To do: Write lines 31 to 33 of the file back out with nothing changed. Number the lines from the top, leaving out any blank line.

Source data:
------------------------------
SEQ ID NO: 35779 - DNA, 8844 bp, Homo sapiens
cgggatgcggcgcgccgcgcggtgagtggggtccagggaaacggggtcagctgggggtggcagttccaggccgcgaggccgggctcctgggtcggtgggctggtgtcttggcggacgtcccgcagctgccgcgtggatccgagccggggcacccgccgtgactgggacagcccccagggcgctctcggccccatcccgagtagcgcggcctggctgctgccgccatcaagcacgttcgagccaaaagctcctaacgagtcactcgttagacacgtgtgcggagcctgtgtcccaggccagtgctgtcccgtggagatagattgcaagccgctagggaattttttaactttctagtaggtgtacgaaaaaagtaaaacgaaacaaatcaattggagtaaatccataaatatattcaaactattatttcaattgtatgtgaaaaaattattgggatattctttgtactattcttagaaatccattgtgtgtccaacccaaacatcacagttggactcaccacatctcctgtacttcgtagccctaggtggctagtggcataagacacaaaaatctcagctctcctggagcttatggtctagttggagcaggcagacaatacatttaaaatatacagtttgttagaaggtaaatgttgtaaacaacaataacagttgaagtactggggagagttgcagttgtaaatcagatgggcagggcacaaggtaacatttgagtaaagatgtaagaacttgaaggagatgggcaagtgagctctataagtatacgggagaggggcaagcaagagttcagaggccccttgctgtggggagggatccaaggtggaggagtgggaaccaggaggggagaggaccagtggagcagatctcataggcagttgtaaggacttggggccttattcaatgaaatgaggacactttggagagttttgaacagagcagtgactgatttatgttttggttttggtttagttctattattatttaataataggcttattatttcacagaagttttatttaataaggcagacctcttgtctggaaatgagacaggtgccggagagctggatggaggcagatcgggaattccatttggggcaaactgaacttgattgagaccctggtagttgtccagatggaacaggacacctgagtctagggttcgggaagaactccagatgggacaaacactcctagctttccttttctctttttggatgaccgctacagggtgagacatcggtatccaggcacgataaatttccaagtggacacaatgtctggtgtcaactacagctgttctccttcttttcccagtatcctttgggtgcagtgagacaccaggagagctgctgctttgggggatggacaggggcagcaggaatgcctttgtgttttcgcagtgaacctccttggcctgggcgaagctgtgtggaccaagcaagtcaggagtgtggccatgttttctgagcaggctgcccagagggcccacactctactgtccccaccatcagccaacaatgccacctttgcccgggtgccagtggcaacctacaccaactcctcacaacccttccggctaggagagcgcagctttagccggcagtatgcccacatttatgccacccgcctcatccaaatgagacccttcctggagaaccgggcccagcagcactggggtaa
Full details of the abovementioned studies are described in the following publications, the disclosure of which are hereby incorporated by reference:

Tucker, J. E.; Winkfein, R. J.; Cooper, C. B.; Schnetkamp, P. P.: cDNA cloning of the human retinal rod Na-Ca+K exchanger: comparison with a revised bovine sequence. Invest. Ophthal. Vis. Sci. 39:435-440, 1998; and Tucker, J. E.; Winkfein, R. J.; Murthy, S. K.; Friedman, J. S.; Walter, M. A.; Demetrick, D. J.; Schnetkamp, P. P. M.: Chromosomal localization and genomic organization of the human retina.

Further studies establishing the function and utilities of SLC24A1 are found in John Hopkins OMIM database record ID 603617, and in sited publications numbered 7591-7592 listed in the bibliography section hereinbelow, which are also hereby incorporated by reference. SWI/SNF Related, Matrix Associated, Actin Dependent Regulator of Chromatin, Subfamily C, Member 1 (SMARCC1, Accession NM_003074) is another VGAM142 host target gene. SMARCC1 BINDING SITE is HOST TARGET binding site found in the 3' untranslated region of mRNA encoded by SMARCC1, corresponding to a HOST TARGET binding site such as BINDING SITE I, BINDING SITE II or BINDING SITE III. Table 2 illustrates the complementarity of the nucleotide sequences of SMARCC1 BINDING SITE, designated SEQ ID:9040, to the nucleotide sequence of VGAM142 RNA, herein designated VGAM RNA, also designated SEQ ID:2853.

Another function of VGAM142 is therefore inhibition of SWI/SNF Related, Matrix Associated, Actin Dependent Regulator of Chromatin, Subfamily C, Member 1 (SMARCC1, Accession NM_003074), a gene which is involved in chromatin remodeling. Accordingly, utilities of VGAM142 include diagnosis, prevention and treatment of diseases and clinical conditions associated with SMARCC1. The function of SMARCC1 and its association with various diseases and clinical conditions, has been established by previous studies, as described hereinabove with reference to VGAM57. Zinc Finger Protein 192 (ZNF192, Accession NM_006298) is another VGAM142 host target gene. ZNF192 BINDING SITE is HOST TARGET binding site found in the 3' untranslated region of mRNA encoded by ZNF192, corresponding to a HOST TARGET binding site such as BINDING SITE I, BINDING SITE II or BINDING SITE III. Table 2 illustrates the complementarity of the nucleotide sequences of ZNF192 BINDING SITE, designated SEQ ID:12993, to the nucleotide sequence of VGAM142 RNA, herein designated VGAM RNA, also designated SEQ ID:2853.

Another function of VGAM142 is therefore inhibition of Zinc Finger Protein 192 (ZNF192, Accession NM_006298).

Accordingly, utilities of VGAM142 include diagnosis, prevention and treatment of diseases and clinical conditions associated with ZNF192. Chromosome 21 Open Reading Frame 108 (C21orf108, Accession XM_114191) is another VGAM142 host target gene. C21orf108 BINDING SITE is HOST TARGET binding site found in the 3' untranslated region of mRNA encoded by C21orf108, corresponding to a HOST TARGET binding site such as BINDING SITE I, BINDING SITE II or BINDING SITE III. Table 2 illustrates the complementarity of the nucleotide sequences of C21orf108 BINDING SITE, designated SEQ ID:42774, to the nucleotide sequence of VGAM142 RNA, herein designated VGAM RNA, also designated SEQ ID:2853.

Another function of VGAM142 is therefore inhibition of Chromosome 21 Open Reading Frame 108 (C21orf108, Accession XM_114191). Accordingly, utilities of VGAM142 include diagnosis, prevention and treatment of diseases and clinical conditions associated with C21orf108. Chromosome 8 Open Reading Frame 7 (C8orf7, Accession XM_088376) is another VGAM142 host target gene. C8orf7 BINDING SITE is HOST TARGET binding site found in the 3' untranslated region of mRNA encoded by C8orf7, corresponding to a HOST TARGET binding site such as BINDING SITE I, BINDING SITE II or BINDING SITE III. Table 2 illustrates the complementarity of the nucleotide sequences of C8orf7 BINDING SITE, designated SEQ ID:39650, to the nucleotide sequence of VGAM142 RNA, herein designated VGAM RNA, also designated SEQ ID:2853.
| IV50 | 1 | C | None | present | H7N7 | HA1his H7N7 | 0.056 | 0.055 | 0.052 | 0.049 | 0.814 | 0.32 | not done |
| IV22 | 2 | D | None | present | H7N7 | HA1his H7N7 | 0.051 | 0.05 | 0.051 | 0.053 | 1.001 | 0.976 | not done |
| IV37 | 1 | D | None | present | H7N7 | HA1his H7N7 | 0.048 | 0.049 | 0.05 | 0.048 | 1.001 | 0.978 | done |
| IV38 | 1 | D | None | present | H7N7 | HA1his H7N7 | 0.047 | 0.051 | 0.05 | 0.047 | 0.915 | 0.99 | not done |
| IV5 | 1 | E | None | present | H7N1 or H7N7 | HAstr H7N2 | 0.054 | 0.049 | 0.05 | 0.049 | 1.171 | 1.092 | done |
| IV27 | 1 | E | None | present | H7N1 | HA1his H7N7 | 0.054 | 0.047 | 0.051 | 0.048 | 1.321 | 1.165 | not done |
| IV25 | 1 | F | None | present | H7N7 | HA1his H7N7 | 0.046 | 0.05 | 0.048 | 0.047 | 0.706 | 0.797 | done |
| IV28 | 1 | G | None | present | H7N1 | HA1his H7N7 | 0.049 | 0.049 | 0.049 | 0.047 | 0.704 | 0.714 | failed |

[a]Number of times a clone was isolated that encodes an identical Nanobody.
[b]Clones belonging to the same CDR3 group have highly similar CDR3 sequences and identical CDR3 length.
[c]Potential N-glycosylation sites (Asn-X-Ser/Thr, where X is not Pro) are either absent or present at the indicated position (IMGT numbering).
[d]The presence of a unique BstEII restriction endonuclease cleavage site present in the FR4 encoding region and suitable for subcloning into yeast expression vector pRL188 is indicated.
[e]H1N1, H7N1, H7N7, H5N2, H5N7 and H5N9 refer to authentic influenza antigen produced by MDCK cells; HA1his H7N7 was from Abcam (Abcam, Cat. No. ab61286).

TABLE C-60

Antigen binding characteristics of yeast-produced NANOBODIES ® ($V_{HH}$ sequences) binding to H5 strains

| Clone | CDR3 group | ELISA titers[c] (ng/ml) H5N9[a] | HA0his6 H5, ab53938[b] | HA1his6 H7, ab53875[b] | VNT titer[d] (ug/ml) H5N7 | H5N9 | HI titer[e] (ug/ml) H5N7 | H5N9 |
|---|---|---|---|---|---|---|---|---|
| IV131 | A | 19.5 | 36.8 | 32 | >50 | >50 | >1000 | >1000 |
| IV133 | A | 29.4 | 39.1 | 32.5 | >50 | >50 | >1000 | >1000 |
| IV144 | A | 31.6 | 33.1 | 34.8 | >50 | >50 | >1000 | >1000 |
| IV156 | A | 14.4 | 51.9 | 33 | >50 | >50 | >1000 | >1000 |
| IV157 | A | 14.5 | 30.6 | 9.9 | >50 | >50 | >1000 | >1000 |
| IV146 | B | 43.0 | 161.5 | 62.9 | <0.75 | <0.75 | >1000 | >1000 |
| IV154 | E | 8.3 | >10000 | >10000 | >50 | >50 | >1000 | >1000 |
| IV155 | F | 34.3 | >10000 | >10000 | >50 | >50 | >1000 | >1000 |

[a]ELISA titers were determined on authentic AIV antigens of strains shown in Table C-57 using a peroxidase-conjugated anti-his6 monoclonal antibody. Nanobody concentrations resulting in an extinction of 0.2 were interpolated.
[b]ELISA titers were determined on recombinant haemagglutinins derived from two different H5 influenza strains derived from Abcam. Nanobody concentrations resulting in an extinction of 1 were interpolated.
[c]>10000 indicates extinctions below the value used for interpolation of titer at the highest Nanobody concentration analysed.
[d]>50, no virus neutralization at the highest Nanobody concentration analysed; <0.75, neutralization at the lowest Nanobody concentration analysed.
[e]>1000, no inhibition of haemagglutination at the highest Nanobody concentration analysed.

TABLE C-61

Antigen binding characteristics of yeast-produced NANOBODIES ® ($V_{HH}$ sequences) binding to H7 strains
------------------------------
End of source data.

| IV157 | A | 14.5 | 30.6 | 9.9 | >50 | >50 | >1000 | >1000 |
| IV146 | B | 43.0 | 161.5 | 62.9 | <0.75 | <0.75 | >1000 | >1000 |
| IV154 | E | 8.3 | >10000 | >10000 | >50 | >50 | >1000 | >1000 |